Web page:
Brands may not make it on to Tmall because they can't afford the business development costs, or Tmall doesn't accept them.

Often, Harca says, brands will be fixated on Tmall or JD.com, the two largest e-commerce players in the country. Tmall in particular is popular with international beauty brands — skincare favourite Drunk Elephant recently announced it would be partnering with the platform for its China debut in September.

However, a partnership is not always meant to be. “Brands may not make it on to Tmall because they can’t afford the [business development] costs, or Tmall doesn’t accept them,” she says.

Taking part in Tmall and JD.com’s glitzy shopping festivals can be especially costly for smaller companies, and though it is not a well-trodden path, Harca reckons that brands can still find early success without the help of China’s usual e-commerce suspects by opting with popular luxury beauty stockists Lane Crawford, Space NK, Joyce Beauty, or concept stores such as Little B.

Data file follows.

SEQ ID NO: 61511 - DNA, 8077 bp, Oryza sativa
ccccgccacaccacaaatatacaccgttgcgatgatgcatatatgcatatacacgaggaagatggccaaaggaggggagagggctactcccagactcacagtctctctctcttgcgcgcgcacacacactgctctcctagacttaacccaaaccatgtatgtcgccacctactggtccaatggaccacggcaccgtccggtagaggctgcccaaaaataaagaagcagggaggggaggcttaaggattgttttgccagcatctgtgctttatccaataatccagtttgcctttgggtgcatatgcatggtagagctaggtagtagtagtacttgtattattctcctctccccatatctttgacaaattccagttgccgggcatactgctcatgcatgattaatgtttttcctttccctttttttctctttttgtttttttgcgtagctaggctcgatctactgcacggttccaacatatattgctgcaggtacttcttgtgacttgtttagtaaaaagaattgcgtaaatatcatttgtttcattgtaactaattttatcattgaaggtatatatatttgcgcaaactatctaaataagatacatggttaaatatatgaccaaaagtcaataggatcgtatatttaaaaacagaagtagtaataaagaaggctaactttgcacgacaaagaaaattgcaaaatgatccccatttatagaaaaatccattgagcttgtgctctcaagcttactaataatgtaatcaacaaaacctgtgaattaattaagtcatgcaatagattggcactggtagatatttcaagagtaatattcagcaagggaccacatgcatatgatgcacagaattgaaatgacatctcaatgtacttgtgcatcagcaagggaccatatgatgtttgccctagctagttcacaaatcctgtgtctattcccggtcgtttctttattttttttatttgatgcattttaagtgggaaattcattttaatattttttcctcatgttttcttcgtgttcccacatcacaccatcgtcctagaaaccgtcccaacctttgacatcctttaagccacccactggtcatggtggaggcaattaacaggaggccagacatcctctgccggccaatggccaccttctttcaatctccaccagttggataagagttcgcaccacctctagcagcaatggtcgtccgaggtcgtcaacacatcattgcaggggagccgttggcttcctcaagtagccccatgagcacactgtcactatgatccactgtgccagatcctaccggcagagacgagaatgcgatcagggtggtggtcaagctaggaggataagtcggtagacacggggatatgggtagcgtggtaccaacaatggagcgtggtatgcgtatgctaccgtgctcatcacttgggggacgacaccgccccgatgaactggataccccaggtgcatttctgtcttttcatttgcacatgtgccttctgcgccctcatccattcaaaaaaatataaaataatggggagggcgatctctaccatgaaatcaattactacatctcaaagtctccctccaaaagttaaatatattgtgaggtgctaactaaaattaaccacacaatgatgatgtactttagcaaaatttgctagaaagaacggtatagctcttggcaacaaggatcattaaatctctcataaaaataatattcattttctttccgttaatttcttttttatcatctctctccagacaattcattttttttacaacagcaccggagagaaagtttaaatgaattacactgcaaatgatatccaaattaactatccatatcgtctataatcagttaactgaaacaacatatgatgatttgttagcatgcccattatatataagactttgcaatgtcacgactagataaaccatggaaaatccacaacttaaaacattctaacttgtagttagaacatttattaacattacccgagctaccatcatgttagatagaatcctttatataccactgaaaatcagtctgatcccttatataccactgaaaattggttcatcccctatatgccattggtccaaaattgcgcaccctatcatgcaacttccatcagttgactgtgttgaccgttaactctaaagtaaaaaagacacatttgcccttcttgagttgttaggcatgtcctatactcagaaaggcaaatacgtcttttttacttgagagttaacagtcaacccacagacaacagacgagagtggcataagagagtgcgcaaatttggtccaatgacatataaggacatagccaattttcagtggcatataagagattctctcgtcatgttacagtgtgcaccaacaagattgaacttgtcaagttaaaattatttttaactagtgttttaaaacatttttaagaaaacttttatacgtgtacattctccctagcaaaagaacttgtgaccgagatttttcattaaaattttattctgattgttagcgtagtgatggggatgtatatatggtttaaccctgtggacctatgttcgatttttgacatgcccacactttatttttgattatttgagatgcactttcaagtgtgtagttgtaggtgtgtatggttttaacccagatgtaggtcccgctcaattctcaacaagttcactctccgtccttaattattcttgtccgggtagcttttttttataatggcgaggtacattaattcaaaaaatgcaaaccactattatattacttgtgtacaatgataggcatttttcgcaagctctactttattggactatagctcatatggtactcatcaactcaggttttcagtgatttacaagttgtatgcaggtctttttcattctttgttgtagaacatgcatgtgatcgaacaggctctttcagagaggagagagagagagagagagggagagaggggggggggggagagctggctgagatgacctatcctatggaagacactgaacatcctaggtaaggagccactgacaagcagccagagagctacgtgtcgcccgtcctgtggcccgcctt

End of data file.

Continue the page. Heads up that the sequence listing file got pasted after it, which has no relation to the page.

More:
Hosting pop-ups can raise consumer awareness and help brands test the waters. “Brands don’t need to ink a deal [as soon as] they enter the market,” says Wang. “It’s more important to pinpoint the brand’s core customer and the channels they engage with to grow steadily.”

Localise Inside and Out 

Considering the cases of consumer backlash that has befallen big players from Dolce & Gabbana to Zara, most brands know better than to enter China without reading up on Chinese culture, be it beauty or business players.

Eyeshadows by Yes!IC | Source: Yes!IC

In the long run, brands should of course aim to build a strong Chinese team. “Hiring a trustworthy and professional local team is the key to succeeding in the Chinese market,” says Wang. Doing so will also help niche beauty brands compete with a plethora of local rivals, such as brushmaker Qin Zhi and makeup brands Yes!IC, Jill Leen and Hedone.